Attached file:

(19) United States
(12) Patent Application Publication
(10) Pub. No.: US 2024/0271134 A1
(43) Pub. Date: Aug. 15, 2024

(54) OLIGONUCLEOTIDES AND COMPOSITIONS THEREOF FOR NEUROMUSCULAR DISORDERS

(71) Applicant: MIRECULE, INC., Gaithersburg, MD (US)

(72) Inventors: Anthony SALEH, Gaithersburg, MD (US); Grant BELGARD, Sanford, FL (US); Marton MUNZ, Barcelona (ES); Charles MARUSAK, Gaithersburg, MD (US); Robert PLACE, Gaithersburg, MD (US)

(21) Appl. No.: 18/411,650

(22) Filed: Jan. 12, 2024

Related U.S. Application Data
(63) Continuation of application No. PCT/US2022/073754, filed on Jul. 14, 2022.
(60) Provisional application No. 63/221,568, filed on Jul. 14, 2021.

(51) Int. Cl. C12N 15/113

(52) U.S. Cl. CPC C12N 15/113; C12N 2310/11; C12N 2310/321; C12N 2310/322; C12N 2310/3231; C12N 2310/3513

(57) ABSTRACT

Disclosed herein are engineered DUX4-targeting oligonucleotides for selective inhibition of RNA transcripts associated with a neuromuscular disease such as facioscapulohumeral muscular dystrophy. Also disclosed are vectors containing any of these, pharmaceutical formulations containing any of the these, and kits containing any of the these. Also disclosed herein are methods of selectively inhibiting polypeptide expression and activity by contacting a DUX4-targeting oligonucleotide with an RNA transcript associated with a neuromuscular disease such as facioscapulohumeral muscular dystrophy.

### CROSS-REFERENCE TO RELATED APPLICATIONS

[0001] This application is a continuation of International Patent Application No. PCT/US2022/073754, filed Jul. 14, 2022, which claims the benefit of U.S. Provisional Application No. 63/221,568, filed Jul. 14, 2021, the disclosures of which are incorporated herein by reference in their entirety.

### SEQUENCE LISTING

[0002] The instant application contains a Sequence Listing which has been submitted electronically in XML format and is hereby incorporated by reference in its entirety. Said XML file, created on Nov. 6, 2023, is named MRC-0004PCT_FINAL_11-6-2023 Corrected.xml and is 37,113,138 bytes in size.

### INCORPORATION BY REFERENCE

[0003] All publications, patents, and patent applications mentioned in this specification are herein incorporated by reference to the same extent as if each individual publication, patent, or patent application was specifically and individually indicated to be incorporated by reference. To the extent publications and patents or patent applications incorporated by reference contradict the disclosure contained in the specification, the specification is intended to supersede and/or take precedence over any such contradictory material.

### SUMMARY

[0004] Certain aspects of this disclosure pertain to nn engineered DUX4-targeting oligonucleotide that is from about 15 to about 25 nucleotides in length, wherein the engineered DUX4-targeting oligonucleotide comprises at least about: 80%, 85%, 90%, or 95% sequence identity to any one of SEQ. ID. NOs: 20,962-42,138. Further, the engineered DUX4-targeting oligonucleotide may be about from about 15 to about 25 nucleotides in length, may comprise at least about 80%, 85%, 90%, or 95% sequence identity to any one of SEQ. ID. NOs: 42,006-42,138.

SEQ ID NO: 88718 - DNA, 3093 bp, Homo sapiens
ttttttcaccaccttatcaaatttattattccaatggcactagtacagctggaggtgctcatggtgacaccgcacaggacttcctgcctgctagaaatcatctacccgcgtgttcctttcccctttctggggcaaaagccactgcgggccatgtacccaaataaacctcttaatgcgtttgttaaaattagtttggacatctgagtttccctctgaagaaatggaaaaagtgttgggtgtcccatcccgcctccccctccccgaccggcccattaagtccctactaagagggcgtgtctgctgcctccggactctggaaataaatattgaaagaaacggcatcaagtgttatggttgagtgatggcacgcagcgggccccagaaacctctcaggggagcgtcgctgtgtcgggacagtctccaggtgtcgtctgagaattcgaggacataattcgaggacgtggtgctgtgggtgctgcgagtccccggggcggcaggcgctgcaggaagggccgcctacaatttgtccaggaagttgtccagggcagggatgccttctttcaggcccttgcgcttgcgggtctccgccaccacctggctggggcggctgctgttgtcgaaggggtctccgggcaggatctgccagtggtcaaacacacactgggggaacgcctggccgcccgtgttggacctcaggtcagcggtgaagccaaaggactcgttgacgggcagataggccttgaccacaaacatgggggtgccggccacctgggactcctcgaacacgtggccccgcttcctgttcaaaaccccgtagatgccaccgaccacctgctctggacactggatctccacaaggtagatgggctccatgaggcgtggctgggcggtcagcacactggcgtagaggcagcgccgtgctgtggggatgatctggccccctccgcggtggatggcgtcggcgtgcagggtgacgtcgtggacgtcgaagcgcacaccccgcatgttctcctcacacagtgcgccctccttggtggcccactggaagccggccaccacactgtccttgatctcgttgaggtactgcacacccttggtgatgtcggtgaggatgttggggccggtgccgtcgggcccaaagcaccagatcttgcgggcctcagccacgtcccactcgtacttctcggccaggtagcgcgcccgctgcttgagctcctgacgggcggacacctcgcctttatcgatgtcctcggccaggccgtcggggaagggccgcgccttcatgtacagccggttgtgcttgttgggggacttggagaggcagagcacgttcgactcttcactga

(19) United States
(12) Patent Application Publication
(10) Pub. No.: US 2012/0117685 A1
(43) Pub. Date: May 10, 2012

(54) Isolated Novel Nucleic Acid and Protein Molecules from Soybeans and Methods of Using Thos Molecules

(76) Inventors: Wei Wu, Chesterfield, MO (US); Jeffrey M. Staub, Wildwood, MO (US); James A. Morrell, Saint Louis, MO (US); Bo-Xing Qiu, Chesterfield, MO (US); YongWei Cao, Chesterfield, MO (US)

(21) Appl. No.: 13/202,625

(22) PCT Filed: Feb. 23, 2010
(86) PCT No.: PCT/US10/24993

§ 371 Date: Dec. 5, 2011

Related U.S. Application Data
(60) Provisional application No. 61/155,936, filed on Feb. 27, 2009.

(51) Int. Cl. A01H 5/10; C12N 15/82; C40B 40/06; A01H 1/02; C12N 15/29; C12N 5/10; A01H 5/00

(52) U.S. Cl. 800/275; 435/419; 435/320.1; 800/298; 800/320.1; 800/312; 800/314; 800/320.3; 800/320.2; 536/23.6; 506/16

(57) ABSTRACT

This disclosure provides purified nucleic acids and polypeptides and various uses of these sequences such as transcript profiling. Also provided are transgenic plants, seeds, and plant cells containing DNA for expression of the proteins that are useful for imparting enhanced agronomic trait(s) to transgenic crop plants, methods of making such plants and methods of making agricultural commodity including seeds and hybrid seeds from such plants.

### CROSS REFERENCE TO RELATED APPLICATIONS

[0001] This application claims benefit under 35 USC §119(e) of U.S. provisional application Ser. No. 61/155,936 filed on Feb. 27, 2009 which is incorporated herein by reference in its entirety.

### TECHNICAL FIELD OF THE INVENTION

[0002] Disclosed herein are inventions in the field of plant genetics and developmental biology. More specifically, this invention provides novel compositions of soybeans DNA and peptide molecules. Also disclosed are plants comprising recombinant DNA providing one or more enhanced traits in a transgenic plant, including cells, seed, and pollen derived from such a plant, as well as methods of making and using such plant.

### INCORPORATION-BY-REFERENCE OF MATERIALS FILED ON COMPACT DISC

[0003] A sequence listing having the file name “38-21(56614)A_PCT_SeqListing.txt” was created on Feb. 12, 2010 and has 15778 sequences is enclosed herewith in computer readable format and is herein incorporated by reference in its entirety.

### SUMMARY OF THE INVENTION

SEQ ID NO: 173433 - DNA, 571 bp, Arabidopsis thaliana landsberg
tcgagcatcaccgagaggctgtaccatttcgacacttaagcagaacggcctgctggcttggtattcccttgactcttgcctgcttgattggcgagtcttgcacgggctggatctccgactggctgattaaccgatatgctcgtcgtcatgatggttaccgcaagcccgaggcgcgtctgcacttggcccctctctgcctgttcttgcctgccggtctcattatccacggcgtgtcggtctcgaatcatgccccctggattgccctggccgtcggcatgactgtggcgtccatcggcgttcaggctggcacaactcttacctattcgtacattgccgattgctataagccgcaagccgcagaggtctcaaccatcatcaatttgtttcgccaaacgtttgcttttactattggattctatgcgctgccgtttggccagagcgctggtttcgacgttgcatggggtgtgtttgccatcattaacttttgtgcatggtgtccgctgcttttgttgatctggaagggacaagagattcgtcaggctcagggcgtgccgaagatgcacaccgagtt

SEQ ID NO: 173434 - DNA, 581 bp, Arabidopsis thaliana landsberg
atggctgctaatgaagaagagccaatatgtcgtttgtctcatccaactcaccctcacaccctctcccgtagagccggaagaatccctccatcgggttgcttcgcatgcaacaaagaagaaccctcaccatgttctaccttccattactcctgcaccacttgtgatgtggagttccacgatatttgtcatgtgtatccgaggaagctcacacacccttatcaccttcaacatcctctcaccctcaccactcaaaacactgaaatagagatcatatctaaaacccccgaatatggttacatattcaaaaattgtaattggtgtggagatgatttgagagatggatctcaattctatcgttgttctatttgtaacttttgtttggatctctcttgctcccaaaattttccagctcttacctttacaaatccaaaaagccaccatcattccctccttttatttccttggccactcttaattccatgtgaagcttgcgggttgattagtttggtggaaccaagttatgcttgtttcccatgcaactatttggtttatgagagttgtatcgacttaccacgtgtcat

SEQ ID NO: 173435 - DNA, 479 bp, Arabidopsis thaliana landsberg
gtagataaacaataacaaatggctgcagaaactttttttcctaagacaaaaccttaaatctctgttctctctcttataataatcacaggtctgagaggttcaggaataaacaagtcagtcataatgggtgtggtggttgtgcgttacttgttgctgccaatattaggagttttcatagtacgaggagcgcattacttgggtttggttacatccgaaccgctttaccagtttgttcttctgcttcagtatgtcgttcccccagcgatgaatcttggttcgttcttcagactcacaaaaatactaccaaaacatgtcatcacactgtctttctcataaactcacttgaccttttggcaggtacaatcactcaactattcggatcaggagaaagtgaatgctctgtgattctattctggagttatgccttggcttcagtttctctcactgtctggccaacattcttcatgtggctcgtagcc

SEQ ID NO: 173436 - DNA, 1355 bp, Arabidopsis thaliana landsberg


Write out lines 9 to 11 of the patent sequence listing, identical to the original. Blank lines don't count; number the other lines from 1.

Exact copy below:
(22) Filed: Jan. 12, 2024

Related U.S. Application Data
(63) Continuation of application No. PCT/US2022/073754, filed on Jul. 14, 2022.